Theories on the Alouettes' Leak

Montreal Alouettes quarterback Chris Leak is sacked by B.C. Lions' Keron Williams during first quarter Canadian Football League action Friday, September 3, 2010 in Montreal. THE CANADIAN PRESS/Ryan Remiorz
Montreal Alouettes quarterback Chris Leak is sacked by B.C. Lions' Keron Williams during first quarter Canadian Football League action Friday, September 3, 2010 in Montreal. THE CANADIAN PRESS/Ryan Remiorz

Welcome to 55-Yard Line, Yahoo! Sports Canada’s new CFL blog. My name’s Andrew Bucholtz, and I’ll be your host for a journey through the world of Canadian football. I’ve been blogging for five years over at Sporting Madness and other places around the Internet, including The CIS Blog. I’ve also served as the sports editor with The Queen’s Journal and as a reporter with the Black Press chain of community newspapers. You can get in touch with me via e-mail at or Twitter at @AndrewBucholtz.

Friday's CFL game looked like a bit of a mismatch, with the basement-dwelling B.C. Lions (1-7 heading into the clash) taking on the top-of-the-East Montreal Alouettes (6-2 going in). The Alouettes were without reigning league MVP Anthony Calvillo and normal backup quarterback Adrian McPherson, but their third-string quarterback had a bit of a higher profile than most people buried at that level on the depth chart. Chris Leak capped off his stellar NCAA career in 2007 by leading the Florida Gators to a 41-14 rout of Ohio State in the BCS national championship game, so, as Herb Zurkowsky of The Gazette wrote heading into Friday's game, it seemed reasonable to conclude he'd be able to handle the pressure of his first CFL start.

Leak had only seen limited CFL action prior to Friday's game, but he had been in the Alouettes' organization since June 2008 and looked reasonably solid in relief of the injured Calvillo two weeks ago against Winnipeg. He completed 10 of 15 passes for 99 yards and two touchdowns in that game while being picked off once, which is about as much as you can expect from a backup thrown in cold mid-game. Playing at home against the lowly Lions, with two weeks for Leak to prepare and for the Alouettes' coaching staff to modify their offensive schemes to suit him, the deck seemed stacked in his favour.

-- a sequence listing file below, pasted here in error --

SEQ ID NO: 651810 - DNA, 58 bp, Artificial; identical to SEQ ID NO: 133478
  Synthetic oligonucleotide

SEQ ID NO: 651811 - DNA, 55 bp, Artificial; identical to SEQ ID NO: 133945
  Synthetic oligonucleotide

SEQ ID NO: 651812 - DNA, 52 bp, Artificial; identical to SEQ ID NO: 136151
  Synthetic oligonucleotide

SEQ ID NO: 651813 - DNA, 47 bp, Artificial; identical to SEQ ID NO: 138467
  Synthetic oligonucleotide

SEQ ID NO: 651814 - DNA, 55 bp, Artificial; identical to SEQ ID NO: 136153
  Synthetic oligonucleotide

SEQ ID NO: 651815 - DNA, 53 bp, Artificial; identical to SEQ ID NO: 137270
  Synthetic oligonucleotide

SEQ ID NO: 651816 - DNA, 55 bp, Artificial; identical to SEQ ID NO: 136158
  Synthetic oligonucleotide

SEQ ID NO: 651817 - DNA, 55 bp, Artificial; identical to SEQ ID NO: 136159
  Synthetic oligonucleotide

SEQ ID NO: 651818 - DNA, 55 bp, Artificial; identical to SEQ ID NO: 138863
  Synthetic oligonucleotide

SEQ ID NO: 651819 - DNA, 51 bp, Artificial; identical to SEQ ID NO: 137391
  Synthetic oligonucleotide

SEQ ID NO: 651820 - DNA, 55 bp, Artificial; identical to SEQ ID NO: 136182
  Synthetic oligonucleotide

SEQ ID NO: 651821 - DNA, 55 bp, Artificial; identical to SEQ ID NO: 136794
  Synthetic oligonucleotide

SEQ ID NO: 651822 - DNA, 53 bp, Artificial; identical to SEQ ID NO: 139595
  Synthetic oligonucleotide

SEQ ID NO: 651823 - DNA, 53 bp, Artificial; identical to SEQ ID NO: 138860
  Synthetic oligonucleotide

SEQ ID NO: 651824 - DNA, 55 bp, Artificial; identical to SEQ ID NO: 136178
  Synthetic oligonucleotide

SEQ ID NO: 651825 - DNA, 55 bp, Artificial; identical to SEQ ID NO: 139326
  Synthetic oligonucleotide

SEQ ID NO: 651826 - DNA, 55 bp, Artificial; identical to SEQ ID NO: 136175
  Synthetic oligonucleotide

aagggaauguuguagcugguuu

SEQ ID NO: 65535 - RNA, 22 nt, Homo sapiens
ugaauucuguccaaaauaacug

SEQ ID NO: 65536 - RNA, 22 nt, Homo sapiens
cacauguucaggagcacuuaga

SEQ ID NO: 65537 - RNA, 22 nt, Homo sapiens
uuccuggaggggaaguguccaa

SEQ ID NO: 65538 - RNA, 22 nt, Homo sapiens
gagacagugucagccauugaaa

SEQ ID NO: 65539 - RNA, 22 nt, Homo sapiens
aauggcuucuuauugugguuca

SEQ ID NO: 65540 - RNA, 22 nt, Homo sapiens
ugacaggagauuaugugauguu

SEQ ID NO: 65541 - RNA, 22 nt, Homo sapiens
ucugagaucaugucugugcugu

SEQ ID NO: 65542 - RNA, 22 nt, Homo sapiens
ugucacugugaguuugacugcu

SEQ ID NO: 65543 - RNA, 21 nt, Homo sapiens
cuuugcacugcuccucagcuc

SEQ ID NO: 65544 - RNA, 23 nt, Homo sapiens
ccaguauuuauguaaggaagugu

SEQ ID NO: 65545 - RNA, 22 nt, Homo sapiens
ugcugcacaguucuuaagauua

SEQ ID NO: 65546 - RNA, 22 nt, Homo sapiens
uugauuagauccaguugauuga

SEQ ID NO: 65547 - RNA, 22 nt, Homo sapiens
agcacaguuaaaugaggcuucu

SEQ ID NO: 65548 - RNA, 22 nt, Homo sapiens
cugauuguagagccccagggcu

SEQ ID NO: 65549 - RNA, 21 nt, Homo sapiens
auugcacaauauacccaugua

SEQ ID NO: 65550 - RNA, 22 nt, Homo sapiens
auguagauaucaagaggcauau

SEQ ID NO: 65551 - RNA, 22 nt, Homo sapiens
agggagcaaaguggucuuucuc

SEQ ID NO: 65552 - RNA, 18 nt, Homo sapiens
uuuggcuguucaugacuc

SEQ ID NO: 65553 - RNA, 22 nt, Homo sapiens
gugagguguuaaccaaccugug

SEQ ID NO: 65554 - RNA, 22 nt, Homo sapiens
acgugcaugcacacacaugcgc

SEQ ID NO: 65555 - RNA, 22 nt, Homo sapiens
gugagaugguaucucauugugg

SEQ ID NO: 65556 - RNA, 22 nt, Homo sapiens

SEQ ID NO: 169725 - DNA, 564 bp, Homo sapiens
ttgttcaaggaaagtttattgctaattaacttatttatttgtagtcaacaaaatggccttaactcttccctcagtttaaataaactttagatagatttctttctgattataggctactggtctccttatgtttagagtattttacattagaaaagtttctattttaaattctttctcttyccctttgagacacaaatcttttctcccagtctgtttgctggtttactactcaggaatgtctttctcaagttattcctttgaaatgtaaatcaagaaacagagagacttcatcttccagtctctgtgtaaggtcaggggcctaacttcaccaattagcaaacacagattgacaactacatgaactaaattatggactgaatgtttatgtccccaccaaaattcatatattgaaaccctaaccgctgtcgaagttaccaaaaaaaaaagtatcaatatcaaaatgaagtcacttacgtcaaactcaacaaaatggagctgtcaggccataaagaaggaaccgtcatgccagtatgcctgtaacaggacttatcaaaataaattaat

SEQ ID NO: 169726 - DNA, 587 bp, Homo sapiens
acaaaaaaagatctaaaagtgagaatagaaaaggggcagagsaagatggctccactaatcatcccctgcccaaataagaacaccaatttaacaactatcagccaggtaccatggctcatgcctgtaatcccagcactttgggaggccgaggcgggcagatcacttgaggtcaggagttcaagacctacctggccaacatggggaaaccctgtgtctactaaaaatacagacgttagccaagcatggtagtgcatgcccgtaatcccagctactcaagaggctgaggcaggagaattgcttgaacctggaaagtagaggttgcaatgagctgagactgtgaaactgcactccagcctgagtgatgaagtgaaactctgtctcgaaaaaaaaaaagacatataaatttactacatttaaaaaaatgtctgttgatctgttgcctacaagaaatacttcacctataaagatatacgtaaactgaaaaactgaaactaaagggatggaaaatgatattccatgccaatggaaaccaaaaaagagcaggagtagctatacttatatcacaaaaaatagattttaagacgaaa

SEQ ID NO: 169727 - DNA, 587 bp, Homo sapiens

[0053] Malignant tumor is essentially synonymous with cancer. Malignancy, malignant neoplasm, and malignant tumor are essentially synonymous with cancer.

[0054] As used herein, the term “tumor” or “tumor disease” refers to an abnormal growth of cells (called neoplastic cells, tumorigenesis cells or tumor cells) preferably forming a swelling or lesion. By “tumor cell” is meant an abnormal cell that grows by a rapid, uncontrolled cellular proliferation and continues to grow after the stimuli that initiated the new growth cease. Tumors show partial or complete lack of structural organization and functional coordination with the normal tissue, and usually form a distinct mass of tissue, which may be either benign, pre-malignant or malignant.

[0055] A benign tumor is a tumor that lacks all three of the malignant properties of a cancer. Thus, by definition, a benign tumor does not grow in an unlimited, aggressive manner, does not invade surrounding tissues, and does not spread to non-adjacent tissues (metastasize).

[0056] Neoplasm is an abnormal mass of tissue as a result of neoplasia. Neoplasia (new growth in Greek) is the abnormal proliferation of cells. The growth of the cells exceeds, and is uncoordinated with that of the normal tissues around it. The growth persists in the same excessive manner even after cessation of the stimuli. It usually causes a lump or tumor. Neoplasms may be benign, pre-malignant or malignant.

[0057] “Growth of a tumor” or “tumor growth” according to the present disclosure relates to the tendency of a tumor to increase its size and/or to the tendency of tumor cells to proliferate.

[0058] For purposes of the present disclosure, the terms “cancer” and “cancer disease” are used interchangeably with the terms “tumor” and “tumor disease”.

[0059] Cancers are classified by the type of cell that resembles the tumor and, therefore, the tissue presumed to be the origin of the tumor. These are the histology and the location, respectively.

Even the best cards are no guarantee of success when player error comes into it, though, and Leak played more as if he was holding a pair of deuces than a full house. He completed 15 of 25 passes on the day, but only achieved 135 yards through the air. Much was made of his mobility heading into the game, but he only ran once for nine yards. Worse, he threw two interceptions and fumbled once in the third quarter, giving the Lions the chance to pull away. They won 38-17, giving Montreal their first home loss in 14 games in the process. It was the first time they'd fallen at Molson Stadium since a loss to Winnipeg Oct. 26, 2008.

The key question coming out of the loss is just what went wrong for Leak and Montreal. Was it Leak's lack of CFL playing time in his years with the Alouettes, as Pat Hickey of The Gazette theorizes? Was it a combination of the pressure of starting and the time B.C. spent preparing for Leak, as Zurkowsky writes? Could it have been the Alouettes' more conservative game plan early on, which saw Leak throw 10 short completions for only 78 yards in the first half? Is Montreal's success even more dependent on Calvillo than we'd thought? What about the Lions, whose losses have mostly been narrow and who have always played competitively against the Alouettes?

There aren't any easy answers for Leak and the Alouettes, but it's worth remembering that big-college backgrounds don't always translate into success at the CFL level, especially at the quarterback position. The three pivots who have thrown the most touchdowns this year are Calgary's Henry Burris, Calvillo and Hamilton's Kevin Glenn, who hail from Temple, Utah State and Illinois State respectively. In terms of passing yards, Saskatchewan's Darian Durant leads the league; he hails from North Carolina, which is a reasonably renowned football school, but hardly on the level of Florida. At the moment, the league's other starting signal-callers are Ricky Ray (Sacramento State), Buck Pierce (New Mexico State), Cleo Lemon (Arkansas State) and Casey Printers, who played at Texas Christian and Florida A&M. That's hardly the list of alma maters you'd expect if being part of a great NCAA team was key to CFL success.

It's also worth noting that Leak was replaced by Ricky Santos Friday, and Santos promptly completed 10 of 12 passes for 93 yards and two touchdowns (granted, they came in garbage time). Santos came from the New Hampshire Wildcats, who play before crowds of 8,000 in the FCS-level Colonial Athletic Association. That's a long way from the 88,548 who regularly watched Leak and the Gators at the Swamp, but that didn't stop Santos from looking like a bigger star against the Lions.

One game isn't proof of a career trajectory, of course, and it's quite possible Leak may yet turn into a valuable CFL quarterback. He's only 25, and he still has time to develop. The list of those pivots who have found CFL success suggests big-college backgrounds are far from essential, though. Leak's national title championship is a great story, but it's three years in the past. From this point forward, he'll be judged by what he's able to do in the Alouettes' colours, not what he once achieved in orange and blue.

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